Reasons for hospital admission for PLWH at PMH between April and June 2014 for non-OIs and attempted suicide were investigated and their correlates assessed. Attempted suicide, seizures, sepsis, and diabetes were the leading causes for these admissions. CD4+ level < 350 /μL and not being on cART were not independently associated with admission at PMH for non- OIs among PLWH. Gender was the only correlate of non-OIs Afadmission as females were found to be more at risk of being admitted for non-OIs than men. These findings confirm the existence of different mechanisms that incite morbidities related to non-OIs among PLWH [5-9], in contrast with the role played by CD4+ T lymphocytes reduction in prompting morbidities related to OIs among PLWH [5-8]. Why female HIV patients were more at risk of admission related to non-OIs compared to males is somewhat difficult to explain here by our data. This observation is consistent with data in Table 2 where males were less likely to be admitted at PMH for attempted suicide than females. Perhaps the facts that attempted suicide was the leading cause of non-OI related admissions, and that women were more at risk of attempted suicide than men, may explain why women predominate in both sub-models. These findings are supported by studies conducted in Uganda where female HIV patients had three-fold increased risk for attempted suicide than male [3] as well as by other studies [10, 11]. Older age had less risk of attempted suicide than teenagers which also corroborates results presented in Fig 1 and agrees with data showing that teenager HIV patients were more at risk of committing suicide than their adult counterparts [3, 8]. All these advocate for special counseling services to assess issues that lead young HIV patients to suicide. The data in Fig 1 also confirms that deficiency in (or CD4+ < 350 /μL) has nothing to do with morbidities related to non-OI conditions such as attempted suicide.

Study limitations

Psychiatric/psychological care and counseling are common procedures used to minimize depressive and hopelessness emotions leading to attempted suicide and hospital admissions. Not addressing these issues in this study may be a limitation. Other possible limitations may relate to not addressing variables related to previous attempted suicide e.g. lipodystrophy associated-symptoms that lead to physical disfigurement that may lead to stereotyping, depression, hopelessness and suicide.

In summary, the major finding in this study was: 480 per 1000 HIV positive admissions at PMH were due to non-OIs of which the most important were attempted suicide, seizures, sepsis and diabetes. Age and gender were major correlates of admissions related to non-OIs and attempted suicide. In contrast, CD4+ < 350 /μL and not being on cART did not predict admissions due to non-OIs or to attempted suicide. These results provide evidence that morbidities among PLWH do not solely depend on patients’ CD4 status or to cART, but also on other independent factors such as attempted suicide and thus needing different approaches for control and prevention. We hope this work has provided groundwork for more research on morbidities among PLWH.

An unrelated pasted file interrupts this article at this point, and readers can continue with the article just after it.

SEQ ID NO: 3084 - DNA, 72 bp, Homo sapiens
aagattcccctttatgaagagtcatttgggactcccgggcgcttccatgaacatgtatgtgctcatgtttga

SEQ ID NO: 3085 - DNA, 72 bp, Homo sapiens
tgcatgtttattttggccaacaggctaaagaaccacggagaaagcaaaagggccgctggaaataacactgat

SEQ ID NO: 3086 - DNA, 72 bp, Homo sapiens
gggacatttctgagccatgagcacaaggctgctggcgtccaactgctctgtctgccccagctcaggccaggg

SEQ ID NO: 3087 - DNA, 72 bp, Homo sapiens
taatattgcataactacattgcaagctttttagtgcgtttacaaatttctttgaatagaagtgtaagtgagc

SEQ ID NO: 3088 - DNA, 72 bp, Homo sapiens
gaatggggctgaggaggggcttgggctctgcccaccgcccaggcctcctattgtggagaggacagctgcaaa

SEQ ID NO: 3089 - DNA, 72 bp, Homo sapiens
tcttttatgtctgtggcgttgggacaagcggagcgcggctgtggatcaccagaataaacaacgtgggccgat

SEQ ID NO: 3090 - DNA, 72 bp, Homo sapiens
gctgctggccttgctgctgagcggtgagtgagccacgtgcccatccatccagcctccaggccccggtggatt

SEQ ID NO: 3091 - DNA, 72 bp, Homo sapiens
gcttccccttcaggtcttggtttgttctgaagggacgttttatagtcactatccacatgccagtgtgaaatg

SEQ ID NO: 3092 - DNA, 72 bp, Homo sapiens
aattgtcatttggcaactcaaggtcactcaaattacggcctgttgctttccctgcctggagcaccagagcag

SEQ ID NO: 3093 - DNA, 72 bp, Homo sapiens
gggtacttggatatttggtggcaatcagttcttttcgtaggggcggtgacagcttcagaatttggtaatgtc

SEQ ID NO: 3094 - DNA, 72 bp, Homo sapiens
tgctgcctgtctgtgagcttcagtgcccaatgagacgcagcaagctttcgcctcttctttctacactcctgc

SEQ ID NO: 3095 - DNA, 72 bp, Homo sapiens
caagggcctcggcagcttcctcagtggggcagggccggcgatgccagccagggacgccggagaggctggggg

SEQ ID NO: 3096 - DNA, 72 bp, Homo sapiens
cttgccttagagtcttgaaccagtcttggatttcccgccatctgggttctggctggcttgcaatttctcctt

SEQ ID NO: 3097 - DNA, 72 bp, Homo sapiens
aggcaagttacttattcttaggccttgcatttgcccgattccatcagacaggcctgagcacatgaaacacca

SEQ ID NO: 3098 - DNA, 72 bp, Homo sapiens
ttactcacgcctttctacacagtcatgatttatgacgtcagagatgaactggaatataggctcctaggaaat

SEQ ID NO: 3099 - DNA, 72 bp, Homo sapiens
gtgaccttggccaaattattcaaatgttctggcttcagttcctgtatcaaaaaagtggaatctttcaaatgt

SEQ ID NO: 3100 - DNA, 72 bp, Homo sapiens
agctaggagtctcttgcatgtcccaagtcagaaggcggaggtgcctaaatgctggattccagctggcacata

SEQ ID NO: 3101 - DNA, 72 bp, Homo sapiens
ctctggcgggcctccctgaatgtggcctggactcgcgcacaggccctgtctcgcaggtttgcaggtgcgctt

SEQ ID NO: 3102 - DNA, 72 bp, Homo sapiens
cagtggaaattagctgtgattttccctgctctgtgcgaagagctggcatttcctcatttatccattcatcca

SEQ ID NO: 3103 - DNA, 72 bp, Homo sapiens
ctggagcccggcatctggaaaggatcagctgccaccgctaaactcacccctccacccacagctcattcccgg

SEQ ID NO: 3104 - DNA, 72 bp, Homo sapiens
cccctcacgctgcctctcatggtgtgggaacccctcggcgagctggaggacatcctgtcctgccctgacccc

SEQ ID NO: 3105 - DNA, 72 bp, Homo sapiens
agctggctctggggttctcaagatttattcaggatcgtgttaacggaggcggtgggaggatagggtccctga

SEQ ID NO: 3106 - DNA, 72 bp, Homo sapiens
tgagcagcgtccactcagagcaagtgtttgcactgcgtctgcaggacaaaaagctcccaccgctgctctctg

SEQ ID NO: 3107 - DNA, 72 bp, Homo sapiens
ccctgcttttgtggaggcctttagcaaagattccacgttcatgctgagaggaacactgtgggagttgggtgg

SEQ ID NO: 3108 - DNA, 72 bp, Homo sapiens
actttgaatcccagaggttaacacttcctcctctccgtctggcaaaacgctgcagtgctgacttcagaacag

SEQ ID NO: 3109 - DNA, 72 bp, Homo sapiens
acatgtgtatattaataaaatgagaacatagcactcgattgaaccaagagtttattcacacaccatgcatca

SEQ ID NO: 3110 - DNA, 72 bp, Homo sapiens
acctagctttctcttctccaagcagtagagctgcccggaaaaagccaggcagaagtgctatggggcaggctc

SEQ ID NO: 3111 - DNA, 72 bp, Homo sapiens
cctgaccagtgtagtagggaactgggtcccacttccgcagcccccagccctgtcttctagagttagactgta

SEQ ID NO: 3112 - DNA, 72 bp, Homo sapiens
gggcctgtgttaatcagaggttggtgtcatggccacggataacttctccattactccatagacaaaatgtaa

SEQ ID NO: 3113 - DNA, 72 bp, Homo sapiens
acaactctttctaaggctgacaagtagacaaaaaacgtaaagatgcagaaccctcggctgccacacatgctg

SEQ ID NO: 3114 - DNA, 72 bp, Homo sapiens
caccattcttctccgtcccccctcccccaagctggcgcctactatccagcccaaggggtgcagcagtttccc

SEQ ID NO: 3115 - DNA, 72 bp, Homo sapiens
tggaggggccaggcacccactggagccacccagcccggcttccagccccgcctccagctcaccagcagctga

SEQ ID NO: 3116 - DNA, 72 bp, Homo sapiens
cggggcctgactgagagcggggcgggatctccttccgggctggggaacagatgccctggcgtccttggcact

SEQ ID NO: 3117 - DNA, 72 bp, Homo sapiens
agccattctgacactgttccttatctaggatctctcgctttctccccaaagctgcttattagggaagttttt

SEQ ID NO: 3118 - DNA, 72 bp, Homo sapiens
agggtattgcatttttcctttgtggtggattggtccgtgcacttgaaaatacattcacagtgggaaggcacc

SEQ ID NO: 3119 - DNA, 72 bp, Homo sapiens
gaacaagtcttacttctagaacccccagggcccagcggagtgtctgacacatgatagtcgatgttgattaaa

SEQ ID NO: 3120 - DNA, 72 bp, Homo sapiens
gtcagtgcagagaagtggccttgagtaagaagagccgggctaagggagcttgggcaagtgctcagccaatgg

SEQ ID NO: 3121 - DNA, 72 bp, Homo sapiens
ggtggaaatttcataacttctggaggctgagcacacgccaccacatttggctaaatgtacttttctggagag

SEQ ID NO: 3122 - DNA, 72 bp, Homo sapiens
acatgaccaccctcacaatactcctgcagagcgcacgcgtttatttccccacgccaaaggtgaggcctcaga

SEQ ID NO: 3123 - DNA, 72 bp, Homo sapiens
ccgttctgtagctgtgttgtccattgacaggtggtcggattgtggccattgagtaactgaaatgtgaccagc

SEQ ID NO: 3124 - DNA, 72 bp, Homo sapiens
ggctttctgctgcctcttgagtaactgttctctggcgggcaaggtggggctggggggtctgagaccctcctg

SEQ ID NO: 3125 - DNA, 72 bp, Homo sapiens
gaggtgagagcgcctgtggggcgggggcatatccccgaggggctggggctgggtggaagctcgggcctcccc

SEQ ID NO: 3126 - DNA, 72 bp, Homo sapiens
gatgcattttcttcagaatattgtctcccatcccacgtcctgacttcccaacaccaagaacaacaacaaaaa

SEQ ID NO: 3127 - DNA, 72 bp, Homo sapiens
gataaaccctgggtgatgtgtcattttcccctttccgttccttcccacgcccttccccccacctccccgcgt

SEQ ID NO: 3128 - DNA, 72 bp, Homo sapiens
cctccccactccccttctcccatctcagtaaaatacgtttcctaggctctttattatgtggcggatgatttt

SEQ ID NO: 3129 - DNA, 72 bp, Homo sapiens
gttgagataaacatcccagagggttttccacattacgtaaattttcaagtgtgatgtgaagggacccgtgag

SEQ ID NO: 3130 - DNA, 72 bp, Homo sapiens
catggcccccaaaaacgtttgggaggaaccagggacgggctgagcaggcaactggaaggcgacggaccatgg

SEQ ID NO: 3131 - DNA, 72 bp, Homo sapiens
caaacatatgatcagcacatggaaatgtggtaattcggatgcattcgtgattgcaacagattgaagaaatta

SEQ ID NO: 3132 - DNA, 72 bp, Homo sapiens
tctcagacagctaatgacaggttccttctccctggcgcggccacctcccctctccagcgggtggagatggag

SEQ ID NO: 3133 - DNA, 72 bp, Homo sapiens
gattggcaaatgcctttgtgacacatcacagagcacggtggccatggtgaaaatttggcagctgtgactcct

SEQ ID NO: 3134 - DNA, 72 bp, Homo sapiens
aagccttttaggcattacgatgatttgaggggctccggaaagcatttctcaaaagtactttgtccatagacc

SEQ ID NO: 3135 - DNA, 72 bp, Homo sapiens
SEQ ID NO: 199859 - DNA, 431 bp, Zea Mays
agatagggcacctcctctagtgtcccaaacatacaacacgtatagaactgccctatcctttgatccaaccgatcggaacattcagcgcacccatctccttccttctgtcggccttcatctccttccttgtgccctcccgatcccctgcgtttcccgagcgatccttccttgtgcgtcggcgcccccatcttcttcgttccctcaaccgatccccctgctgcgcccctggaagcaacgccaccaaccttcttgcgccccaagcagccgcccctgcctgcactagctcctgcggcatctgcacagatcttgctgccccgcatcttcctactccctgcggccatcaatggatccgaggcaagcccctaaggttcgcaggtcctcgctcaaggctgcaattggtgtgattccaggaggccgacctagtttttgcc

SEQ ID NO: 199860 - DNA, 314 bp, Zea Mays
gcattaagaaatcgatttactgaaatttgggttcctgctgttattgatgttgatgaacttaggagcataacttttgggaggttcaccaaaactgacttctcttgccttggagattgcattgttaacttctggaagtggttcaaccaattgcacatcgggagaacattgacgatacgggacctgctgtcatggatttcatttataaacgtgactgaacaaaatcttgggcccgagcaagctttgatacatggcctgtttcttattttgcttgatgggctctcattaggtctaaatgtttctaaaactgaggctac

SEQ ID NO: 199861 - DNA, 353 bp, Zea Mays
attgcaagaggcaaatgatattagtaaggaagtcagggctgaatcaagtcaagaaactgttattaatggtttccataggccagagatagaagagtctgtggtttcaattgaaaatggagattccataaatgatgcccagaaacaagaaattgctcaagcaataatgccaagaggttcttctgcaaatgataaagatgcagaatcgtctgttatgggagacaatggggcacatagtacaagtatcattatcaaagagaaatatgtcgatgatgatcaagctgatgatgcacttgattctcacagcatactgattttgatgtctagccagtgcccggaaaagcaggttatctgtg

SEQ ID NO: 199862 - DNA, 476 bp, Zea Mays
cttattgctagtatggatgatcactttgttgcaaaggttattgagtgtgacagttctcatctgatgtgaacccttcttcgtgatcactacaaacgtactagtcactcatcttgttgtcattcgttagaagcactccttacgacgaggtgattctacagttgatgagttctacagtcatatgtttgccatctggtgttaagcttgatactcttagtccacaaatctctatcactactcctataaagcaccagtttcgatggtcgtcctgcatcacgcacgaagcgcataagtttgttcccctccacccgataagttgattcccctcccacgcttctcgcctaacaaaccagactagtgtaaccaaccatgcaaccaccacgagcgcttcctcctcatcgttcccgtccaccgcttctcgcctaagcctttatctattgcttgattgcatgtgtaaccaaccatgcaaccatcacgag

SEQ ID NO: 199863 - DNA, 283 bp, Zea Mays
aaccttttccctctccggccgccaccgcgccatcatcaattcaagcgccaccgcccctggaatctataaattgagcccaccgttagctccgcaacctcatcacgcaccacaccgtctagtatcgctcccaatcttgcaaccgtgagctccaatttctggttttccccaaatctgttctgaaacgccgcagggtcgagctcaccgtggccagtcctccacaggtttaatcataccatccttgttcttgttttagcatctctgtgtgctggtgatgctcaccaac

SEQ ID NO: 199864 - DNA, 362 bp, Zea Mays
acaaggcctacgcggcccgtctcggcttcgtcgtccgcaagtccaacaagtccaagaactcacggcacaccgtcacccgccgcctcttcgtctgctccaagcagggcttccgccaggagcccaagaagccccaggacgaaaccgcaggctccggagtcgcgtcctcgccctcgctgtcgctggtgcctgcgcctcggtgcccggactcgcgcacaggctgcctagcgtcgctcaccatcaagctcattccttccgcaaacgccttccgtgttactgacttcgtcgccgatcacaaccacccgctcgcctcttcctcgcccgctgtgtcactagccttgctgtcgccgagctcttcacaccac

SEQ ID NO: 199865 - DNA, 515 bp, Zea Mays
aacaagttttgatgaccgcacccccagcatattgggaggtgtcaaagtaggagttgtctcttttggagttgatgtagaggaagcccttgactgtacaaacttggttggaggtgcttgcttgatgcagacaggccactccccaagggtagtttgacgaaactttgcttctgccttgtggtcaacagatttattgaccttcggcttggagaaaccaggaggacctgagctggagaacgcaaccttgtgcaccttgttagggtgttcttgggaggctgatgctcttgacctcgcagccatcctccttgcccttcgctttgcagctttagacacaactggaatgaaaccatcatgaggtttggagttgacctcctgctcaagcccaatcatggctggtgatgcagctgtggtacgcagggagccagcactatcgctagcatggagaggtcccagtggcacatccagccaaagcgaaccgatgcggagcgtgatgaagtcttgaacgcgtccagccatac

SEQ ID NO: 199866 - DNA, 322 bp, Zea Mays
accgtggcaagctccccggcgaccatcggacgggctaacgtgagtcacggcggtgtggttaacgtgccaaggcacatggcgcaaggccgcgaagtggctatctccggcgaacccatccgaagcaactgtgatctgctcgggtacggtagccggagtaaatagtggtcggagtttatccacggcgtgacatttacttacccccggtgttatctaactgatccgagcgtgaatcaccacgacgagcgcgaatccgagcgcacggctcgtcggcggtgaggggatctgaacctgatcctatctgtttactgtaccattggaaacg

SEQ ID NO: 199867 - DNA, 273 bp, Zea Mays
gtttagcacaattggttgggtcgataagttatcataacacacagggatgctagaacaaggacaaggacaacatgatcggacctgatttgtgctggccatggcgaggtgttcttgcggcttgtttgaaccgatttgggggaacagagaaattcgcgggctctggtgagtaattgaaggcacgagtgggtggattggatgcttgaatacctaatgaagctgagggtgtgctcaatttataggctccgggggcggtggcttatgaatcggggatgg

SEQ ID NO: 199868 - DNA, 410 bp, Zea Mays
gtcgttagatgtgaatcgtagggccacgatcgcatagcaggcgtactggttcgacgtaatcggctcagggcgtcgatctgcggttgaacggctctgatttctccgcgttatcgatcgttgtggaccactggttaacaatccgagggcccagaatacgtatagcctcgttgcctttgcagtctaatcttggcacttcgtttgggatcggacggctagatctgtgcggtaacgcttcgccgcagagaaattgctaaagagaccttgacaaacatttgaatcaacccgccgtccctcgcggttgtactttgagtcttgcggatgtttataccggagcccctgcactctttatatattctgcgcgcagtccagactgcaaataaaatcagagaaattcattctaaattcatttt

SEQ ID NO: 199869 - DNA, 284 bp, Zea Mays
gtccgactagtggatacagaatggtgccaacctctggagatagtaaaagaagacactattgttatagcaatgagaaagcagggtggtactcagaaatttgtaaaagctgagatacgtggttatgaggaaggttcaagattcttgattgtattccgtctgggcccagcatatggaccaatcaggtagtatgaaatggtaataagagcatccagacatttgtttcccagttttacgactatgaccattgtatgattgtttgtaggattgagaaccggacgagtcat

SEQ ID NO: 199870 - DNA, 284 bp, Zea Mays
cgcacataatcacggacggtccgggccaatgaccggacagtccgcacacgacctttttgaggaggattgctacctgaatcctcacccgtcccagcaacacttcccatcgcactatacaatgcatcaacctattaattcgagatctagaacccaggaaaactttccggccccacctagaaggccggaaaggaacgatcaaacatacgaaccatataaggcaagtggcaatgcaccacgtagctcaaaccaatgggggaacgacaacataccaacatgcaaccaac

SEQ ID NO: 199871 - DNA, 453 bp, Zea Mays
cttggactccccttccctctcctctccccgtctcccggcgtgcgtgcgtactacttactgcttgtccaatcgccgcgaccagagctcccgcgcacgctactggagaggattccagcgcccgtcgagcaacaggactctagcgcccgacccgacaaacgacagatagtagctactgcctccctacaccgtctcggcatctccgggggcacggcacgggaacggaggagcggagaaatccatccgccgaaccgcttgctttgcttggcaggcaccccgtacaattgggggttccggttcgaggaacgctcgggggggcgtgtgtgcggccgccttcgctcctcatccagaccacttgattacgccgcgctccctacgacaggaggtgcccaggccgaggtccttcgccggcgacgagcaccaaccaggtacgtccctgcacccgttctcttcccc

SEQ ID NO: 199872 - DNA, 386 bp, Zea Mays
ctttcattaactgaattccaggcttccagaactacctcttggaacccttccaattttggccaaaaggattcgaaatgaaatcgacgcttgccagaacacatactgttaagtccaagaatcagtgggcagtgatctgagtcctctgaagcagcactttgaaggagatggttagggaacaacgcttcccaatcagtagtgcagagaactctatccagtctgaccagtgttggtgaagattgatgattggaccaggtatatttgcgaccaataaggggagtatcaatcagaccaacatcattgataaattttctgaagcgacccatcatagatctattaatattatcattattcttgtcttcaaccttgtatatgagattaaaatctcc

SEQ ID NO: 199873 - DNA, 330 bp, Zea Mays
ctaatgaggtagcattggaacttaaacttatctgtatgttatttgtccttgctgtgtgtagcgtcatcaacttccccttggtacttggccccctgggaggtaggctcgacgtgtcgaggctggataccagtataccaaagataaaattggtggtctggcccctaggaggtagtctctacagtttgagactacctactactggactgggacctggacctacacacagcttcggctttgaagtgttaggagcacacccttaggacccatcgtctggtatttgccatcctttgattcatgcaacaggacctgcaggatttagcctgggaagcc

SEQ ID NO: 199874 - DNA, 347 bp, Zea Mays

Acknowledgements

We gratefully acknowledge the technical support received from the Department Family Medicine and Public Health of the Faculty of Medicine, University of Botswana. Our special thanks go to the PMH management team, male and female medical ward staff for their assistance during data collection as well as to the patients for their cooperation. Dr Megan Cox, Assistant Director, Department of Emergency Medicine, University of Botswana input is greatly acknowledged.

Contributors

All the authors sufficiently participated in the conception, planning and the design of this work as well as in data analysis, interpretation and the writing of the manuscript.

Funding

The study was supported by the Health Resources and Services Administration (HRSA) of the U.S. Department of Health and Human Services (HHS) under grant T84HA21125, (Medical Education Partnership Initiative, $10,000,000). This information or content and conclusions are those of the author and should not be construed as the official position or policy of, nor should any endorsements be inferred by HRSA, HHS or the U.S. Government.

Competing interests

The authors declare that they have no competing interests.

Ethical issues

Ethical clearance was obtained from the University of Botswana Institutional Review Board and the Ministry of Health of Botswana. Permission to access patients’ files and records was sought from PMH Institutional Review Board. To ensure confidentiality, an identification number was assigned to every participant in lieu of patient names or any direct identifier.

References

 References

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2 .Tlhakanelo JT, Tshikuka Mulumba JG, Molefi M, Magafu M G M D, Matchaba-Hove R B et al. HIV admissions attributable to specific opportunistic infections and factors associated with them at a referral hospital in Botswana. World Journal of AIDS. 5(3): 175-181.

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9. UNAIDS: Report on the Global AIDS epidemic. Geneva 2008

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 11. Gurm J, Sanji H, Nophal A, Ding E, Strehlau V et al. Suicide mortality among people accessing highly active antiretroviral therapy for HIV/AIDS in British Columbia: a retrospective analysis CMAJ Open. 2015; 3(2): E141-8.

 

Cite this article: J G Tshikuka. Correlates of Hospital Admissions due to Non-Opportunistic Infections Including Attempted Suicide among HIV Patients at a Botswana Referral Hospital in 2014. J J Aids Hiv. 2015, 1(2): 011.